Lough Ree RNLI volunteer crew prepare to move into €1m lifeboat station
Following a series of familiarisation and training programmes over the last three weeks the volunteer crew at Lough Ree RNLI is in readiness for the move to its new state of the art boathouse in Coosan later this month.
The boathouse was built at a cost of €1.2, funded exclusively by charitable donations, including a local community contribution of €100,000 raised in the midlands last year.
Construction of the boathouse, which began in late 2020 was interrupted by the pandemic and was completed in February. The fitting out programme has been ongoing over the last number of weeks and it is expected that following the installation and testing of electronic and IT systems the boathouse will go into service before the end of March.
Alongside the weekly training sessions on the water, the Lough Ree RNLI volunteer crew has been engaged in an intensive familiarisation programme of the new facility and its systems.
The new boathouse slipway will provide direct access to the lake for the charity’s lifeboat Tara Scougall, and her crew. The boathouse will also facilitate improved response time to emergencies, a specially designed training room and excellent crew facilities.
Kevin Ganley, Lifeboat Operations manager at Lough Ree RNLI said: ‘This is a fitting way to celebrate the 10th anniversary of the charity on Lough Ree and could not have been achieved without the generous contribution of the local community and those further afield.’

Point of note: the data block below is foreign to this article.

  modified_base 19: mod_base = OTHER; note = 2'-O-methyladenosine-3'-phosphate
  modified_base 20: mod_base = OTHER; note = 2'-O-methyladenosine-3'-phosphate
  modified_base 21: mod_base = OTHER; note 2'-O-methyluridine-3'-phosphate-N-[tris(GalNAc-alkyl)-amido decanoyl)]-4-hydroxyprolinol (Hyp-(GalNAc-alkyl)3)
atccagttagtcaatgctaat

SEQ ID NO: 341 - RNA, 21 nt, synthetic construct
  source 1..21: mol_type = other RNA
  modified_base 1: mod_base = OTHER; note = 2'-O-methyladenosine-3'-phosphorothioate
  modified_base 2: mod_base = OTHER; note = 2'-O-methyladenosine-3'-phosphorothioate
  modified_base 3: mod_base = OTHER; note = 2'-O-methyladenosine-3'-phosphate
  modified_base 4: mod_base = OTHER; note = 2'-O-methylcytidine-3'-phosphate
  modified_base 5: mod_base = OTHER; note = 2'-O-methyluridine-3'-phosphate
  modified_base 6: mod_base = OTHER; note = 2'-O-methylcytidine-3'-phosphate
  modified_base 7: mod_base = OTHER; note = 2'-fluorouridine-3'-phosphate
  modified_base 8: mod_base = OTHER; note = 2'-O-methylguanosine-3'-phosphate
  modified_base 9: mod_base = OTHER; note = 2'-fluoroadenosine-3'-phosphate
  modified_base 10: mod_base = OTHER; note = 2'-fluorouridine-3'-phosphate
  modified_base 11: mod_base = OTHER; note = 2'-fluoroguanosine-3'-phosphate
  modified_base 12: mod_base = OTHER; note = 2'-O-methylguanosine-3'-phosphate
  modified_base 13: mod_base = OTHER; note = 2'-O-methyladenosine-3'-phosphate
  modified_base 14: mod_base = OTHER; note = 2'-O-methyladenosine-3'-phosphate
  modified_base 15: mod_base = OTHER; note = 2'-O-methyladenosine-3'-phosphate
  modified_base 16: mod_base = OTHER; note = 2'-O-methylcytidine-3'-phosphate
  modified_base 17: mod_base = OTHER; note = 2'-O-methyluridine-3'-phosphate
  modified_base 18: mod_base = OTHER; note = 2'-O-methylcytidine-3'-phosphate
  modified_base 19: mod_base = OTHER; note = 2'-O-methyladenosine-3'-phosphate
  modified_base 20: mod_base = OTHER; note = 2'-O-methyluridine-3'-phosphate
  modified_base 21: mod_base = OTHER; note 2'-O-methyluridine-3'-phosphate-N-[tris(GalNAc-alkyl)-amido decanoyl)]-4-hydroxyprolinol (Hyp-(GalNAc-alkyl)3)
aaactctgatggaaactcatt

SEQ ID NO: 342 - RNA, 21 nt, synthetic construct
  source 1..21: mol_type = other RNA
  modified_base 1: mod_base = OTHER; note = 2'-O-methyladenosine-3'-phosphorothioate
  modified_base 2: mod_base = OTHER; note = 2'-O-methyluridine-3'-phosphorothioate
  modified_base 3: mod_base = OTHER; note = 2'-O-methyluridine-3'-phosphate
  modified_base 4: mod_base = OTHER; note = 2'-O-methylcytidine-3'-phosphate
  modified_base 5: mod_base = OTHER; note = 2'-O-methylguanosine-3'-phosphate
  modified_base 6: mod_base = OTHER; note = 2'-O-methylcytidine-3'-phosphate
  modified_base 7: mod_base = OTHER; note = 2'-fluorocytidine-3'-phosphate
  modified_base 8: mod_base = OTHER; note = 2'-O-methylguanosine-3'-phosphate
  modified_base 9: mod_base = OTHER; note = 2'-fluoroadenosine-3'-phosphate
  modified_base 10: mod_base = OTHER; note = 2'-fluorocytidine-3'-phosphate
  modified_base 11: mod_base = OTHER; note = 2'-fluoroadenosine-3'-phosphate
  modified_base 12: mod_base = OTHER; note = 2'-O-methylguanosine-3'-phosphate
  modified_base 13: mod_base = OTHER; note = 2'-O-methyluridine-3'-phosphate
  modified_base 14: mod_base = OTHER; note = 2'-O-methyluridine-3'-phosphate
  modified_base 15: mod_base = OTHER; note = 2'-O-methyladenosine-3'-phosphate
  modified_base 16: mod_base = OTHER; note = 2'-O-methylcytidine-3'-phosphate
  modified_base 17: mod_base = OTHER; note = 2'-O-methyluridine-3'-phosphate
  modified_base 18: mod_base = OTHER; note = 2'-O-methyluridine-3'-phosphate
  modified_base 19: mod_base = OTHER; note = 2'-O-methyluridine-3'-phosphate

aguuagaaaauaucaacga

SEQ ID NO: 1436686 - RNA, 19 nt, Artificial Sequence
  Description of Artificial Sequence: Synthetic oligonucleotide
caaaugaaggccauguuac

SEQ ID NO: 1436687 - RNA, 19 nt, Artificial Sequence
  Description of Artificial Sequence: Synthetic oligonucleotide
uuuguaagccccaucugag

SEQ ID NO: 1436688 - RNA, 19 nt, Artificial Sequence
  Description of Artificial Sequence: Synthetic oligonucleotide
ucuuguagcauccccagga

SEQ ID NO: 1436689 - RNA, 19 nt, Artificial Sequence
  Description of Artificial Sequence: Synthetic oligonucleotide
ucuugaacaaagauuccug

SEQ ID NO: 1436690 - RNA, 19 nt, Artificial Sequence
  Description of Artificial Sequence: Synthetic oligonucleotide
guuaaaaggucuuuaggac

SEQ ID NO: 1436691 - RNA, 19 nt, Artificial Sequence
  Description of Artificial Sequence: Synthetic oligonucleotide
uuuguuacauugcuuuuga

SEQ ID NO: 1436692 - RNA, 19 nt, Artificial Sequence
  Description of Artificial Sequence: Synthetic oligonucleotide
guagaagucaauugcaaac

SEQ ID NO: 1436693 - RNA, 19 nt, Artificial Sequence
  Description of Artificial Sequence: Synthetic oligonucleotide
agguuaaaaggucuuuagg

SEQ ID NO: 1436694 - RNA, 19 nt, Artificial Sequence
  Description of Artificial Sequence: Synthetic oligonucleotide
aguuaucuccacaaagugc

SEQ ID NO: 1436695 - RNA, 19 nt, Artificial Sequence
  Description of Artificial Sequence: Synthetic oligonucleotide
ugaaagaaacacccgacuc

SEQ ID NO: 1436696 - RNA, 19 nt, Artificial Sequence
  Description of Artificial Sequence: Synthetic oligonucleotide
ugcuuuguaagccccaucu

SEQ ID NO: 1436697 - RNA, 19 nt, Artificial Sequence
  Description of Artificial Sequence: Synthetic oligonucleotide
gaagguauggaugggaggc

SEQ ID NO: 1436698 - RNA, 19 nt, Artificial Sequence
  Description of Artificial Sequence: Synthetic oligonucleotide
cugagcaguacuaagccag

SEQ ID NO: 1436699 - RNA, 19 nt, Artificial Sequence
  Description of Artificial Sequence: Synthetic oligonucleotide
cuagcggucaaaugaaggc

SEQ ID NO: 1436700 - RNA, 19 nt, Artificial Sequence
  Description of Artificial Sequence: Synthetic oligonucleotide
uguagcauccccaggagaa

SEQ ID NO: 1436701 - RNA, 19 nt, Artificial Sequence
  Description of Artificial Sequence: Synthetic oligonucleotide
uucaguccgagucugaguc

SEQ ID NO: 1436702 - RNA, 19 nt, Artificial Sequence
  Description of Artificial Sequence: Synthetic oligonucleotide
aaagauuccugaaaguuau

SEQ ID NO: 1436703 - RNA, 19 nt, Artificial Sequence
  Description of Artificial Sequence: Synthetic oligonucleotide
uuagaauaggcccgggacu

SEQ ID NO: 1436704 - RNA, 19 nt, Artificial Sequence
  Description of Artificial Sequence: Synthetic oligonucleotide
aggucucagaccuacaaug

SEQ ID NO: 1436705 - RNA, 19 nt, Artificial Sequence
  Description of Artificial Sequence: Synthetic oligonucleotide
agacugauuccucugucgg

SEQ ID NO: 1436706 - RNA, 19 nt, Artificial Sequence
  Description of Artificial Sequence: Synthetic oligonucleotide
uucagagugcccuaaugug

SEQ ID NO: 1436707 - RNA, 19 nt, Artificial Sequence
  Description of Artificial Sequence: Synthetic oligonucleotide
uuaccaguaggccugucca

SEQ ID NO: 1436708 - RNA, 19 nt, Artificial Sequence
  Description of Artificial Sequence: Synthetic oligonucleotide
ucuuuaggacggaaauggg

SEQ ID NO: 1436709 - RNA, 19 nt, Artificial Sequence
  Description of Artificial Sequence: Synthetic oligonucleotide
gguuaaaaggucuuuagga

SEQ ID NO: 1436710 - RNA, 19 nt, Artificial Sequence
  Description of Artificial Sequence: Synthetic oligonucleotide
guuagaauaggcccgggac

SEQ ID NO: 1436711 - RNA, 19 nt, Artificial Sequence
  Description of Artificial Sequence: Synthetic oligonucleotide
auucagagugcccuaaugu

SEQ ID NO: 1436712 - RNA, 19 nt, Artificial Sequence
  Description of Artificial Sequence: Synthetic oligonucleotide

The official opening of the Lough Ree RNLI boathouse will take place in June at an open air ceremony at which the charity’s lifeboat Tara Scougall, will also be formally named and handed over to Lough Ree RNLI.
The temporary structure which has served Lough Ree RNLI well over the last number of years at Coosan will be decommissioned, dismantled and transferred to another RNLI facility.
Key facts about the RNLI
The RNLI charity saves lives at sea. Its volunteers provide a 24-hour search and rescue service around the United Kingdom and Republic of Ireland coasts. The RNLI operates 238 lifeboat stations in the UK and Ireland and more than 240 lifeguard units on beaches around the UK and Channel Islands. The RNLI is independent of Coastguard and government and depends on voluntary donations and legacies to maintain its rescue service. Since the RNLI was founded in 1824, its lifeboat crews and lifeguards have saved over 142,700 lives.
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